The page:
“Unemployment is at an extreme low and wages are starting to experience inflationary pressure. Many of those who gave up looking for employment during the Great Recession will likely begin to re-join the workforce.”

Yet Gravier observes there's a stark issue: the worker talent gap. In the general workforce workers don't have the skills to fill many jobs. In the supply chain management arena, huge shortfalls of talent have been forecast for years, and there are not enough colleges and tech schools to graduate all the required talent for future needs. The upshot will be the re-creation of old practices.

“Many companies used to have on-the-job training programs because the expectation was to have to develop the workers, especially when industries like automotive and manufacturing were relatively young, and no developed workforce existed,” he says. “The rapid pace of technology will create a scenario that in some ways imitates a world where no developed human resources exist. Creating and continuously developing a workforce will require society to invest in training and education on a continual basis.”

According to Gravier, several social institutions will make that happen. Companies will play a key role, with a few even have creating their own “universities.” Organized labor and professional associations will step in to fill the role of trainer, educator, and talent bank for jobseekers and mentors. SCM professionals may also see unions re-invent themselves in ways that facilitate worker mobility while rectifying the issue of stagnant wages this country has faced since the 1970s.

“Governments at all levels will work more closely with private organizations to innovate our public school curriculum to expose the future generations to the amazing world of technology and collaborative innovation that characterize modern society,” he says.

Executive Search

Tisha Danehl, vice president of Ajilon – a national professional staffing firm serving the supply chain industry – agrees that employers must supplement hiring with training and other development programs to get their new hires up to speed.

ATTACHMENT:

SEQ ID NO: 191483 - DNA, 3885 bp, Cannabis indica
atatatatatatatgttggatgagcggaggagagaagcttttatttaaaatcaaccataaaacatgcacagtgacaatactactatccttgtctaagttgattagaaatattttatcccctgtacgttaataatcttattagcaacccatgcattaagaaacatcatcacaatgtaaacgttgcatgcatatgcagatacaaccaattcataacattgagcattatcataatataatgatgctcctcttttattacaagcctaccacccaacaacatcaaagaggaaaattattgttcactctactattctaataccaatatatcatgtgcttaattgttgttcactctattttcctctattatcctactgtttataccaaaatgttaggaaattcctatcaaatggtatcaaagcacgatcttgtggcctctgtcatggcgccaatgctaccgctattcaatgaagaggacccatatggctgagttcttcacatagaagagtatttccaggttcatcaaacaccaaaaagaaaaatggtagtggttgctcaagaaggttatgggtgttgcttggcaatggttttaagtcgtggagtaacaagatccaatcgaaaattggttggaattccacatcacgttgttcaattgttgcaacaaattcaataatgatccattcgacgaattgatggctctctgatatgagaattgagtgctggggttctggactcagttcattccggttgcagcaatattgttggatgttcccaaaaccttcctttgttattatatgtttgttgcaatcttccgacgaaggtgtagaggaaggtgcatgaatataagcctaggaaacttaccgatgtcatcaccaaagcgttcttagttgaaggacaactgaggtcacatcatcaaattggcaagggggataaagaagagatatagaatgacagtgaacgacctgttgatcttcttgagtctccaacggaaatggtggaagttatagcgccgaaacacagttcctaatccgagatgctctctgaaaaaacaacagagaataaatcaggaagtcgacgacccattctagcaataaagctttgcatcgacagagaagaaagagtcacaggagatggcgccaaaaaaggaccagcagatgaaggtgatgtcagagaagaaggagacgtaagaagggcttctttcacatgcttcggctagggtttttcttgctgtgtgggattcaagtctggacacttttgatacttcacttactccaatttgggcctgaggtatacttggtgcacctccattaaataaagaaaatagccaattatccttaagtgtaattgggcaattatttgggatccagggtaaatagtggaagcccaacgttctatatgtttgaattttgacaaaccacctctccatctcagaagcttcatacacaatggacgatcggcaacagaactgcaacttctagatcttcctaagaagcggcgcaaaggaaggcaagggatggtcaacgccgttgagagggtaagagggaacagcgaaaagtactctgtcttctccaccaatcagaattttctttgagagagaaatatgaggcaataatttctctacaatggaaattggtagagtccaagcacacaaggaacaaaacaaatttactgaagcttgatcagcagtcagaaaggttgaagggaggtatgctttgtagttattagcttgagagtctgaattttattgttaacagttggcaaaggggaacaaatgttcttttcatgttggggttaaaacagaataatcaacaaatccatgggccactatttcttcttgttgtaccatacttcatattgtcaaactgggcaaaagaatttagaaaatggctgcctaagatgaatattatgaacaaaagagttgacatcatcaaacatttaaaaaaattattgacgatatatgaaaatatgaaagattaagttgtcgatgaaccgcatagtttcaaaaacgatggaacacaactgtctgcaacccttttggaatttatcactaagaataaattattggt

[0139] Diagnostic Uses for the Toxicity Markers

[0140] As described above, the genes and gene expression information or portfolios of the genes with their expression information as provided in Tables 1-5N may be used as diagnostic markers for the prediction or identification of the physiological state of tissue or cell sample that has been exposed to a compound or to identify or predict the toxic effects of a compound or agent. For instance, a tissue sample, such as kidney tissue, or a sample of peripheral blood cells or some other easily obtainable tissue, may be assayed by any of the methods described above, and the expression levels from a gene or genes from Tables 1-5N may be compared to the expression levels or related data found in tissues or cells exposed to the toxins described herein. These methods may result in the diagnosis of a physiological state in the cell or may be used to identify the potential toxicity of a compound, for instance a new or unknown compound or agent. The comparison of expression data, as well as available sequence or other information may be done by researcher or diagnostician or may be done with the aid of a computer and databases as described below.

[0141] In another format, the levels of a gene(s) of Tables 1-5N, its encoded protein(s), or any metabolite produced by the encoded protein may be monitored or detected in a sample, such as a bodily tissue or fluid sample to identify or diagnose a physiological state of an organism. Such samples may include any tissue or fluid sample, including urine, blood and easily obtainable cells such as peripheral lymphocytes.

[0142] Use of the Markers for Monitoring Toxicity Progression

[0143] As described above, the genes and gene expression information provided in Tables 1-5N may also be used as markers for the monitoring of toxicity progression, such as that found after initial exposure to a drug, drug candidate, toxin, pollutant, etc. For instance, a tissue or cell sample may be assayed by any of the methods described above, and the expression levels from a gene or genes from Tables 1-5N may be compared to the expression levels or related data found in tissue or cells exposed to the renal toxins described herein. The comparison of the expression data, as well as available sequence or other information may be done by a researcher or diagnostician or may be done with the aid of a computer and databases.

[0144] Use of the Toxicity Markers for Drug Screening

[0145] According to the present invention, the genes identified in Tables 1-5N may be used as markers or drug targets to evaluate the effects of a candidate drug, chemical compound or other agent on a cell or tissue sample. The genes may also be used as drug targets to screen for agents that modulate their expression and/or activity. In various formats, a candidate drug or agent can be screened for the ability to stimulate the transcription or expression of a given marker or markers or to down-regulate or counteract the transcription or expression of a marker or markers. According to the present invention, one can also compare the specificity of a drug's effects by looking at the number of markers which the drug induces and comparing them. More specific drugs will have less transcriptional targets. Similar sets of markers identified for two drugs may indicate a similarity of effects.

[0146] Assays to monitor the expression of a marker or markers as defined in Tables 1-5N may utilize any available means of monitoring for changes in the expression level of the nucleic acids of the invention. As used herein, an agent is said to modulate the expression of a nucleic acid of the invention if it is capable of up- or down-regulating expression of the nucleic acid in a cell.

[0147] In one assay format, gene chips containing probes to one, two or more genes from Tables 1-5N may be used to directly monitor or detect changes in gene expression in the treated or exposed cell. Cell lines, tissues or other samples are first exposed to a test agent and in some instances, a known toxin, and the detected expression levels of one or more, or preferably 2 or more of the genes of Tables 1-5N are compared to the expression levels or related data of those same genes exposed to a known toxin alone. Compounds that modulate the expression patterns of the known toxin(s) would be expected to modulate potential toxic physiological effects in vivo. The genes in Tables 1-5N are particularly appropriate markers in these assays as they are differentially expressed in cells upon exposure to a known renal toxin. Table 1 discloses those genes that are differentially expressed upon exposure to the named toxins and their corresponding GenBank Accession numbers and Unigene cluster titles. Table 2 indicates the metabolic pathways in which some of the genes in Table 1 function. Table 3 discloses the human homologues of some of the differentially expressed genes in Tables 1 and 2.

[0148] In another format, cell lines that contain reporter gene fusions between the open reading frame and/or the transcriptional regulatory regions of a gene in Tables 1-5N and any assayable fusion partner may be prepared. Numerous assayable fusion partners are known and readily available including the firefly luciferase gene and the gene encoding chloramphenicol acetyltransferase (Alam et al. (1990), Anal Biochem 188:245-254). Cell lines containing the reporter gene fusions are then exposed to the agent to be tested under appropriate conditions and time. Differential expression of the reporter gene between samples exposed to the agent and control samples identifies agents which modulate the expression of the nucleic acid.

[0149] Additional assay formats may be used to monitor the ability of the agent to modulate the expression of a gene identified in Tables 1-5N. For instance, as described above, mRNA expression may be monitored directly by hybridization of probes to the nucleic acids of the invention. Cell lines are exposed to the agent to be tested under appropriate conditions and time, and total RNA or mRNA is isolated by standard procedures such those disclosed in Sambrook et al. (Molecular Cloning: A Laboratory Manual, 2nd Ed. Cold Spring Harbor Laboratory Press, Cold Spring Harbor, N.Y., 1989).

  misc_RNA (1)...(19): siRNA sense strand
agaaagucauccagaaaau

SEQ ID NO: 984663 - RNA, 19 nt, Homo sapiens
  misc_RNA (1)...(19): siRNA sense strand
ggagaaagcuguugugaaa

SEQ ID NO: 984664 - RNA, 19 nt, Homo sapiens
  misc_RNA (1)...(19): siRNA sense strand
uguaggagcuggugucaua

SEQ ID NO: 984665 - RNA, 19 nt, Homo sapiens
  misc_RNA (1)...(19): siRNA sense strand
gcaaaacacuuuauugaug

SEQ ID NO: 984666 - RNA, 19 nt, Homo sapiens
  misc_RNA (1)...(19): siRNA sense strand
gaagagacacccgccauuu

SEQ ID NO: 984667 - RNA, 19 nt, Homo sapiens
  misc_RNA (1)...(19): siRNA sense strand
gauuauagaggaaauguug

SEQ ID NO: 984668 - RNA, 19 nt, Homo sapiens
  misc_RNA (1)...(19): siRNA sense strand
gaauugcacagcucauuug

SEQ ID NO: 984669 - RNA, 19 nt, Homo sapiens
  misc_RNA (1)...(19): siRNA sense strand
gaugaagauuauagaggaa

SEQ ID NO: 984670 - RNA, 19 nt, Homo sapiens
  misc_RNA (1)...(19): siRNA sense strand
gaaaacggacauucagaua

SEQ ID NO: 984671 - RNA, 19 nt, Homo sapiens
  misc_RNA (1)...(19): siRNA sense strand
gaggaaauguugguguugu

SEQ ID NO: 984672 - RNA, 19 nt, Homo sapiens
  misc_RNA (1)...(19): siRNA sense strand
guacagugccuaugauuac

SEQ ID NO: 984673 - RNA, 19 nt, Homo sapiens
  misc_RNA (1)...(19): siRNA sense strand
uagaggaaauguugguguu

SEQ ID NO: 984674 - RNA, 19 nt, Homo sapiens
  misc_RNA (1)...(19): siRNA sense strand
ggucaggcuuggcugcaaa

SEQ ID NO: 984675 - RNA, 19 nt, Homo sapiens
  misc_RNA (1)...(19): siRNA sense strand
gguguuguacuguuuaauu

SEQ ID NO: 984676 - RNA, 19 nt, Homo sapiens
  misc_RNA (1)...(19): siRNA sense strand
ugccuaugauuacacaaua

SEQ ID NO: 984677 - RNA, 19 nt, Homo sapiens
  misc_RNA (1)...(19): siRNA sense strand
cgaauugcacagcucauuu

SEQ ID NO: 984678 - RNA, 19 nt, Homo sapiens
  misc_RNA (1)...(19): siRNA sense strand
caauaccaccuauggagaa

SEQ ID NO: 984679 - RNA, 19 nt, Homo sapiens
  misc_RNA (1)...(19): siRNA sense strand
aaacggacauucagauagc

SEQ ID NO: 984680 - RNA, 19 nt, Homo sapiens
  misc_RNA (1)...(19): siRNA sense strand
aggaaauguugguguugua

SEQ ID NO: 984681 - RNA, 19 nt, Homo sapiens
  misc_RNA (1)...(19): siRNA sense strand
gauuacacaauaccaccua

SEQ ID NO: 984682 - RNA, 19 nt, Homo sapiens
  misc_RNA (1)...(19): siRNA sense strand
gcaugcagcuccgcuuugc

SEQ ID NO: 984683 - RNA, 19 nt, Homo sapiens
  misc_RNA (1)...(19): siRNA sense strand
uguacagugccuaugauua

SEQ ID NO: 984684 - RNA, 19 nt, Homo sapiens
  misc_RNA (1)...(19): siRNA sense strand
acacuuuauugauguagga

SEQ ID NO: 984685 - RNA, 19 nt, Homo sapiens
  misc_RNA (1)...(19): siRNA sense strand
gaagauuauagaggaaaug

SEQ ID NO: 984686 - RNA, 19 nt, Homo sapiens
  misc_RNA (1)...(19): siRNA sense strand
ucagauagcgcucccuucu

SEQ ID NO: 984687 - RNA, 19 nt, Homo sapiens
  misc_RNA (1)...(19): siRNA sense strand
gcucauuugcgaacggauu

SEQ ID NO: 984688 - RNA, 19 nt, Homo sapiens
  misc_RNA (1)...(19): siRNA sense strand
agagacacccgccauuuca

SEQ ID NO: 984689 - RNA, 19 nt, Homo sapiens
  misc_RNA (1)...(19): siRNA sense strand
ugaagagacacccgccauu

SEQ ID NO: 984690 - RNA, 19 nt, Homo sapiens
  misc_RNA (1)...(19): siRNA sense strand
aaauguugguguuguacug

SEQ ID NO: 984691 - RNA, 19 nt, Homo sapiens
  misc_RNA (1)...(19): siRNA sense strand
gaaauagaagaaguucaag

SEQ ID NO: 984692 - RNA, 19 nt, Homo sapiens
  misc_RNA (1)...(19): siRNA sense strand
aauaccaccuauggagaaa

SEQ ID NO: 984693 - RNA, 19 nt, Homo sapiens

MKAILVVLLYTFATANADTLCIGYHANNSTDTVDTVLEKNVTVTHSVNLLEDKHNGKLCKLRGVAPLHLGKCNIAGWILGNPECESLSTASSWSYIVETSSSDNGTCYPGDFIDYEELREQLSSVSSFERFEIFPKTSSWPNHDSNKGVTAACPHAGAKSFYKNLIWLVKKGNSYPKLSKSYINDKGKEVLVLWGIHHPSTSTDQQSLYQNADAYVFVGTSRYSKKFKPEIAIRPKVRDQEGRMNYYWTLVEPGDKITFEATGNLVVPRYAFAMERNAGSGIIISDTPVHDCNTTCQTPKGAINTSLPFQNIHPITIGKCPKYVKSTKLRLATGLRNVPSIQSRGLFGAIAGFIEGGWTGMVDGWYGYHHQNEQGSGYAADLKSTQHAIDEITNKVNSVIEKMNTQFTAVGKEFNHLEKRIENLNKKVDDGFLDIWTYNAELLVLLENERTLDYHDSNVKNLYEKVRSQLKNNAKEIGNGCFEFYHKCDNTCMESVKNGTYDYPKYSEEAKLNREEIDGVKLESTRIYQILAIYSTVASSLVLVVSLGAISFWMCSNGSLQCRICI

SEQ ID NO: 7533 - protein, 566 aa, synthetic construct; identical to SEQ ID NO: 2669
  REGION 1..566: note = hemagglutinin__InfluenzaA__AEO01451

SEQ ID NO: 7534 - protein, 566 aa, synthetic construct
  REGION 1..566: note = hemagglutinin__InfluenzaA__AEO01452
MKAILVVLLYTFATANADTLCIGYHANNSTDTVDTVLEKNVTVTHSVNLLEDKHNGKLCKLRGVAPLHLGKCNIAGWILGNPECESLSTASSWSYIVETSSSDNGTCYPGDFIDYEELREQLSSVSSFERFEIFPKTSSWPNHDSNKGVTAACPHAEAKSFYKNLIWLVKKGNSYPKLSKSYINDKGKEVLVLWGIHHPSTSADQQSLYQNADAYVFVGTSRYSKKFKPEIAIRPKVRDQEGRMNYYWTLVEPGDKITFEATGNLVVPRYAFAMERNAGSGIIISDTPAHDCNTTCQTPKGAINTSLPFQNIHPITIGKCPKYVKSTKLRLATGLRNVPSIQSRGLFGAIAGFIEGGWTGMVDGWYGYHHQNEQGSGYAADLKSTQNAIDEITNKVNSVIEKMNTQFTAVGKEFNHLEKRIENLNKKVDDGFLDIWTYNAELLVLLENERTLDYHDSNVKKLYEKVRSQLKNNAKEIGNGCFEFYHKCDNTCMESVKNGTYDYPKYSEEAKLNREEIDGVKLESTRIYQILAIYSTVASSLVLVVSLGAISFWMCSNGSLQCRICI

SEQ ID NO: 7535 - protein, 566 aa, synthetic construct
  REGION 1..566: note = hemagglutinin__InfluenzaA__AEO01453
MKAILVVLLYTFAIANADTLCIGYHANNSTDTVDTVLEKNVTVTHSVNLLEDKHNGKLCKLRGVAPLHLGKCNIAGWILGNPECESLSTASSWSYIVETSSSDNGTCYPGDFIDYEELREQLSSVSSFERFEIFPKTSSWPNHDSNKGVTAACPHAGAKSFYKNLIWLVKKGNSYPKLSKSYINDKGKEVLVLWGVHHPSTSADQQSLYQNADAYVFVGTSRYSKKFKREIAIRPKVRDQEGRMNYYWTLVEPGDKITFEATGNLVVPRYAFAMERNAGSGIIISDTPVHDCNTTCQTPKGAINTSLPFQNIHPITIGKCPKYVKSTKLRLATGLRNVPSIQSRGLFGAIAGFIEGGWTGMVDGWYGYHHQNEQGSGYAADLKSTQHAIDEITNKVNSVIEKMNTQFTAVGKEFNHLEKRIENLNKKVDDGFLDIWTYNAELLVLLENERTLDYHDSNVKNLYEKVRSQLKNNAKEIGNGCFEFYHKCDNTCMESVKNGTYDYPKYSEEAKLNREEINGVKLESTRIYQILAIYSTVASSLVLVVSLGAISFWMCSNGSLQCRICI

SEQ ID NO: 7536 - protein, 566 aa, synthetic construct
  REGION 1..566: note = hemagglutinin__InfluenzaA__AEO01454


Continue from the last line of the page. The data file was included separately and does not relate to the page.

“Examples include cross-functional training, mentoring programs, coaching, and online training,” she says. “Increasing the skills development of existing employees can be a cost-effective way to keep up with the digitization of supply chains. To be most successful, make sure to design these training programs according to learning pace, style, and personal objectives with specific goals and timelines.”

Danehl was also finds conclusions of The Hackett Group's research consistent with what executive recruiters are seeing in the industry.

“Apprenticeships are on the rise as companies look to reshape their workforce by training them in very sophisticated skill sets,” she says. “While supply chain and procurement was once viewed as an industry with a limited career track, it is now occupied by more technical workers in higher paid, skilled positions.”


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About the Author

Patrick Burnson, Executive Editor
Patrick Burnson

Patrick is a widely-published writer and editor specializing in international trade, global logistics, and supply chain management. He is based in San Francisco, where he provides a Pacific Rim perspective on industry trends and forecasts. He may be reached at his downtown office: [email protected].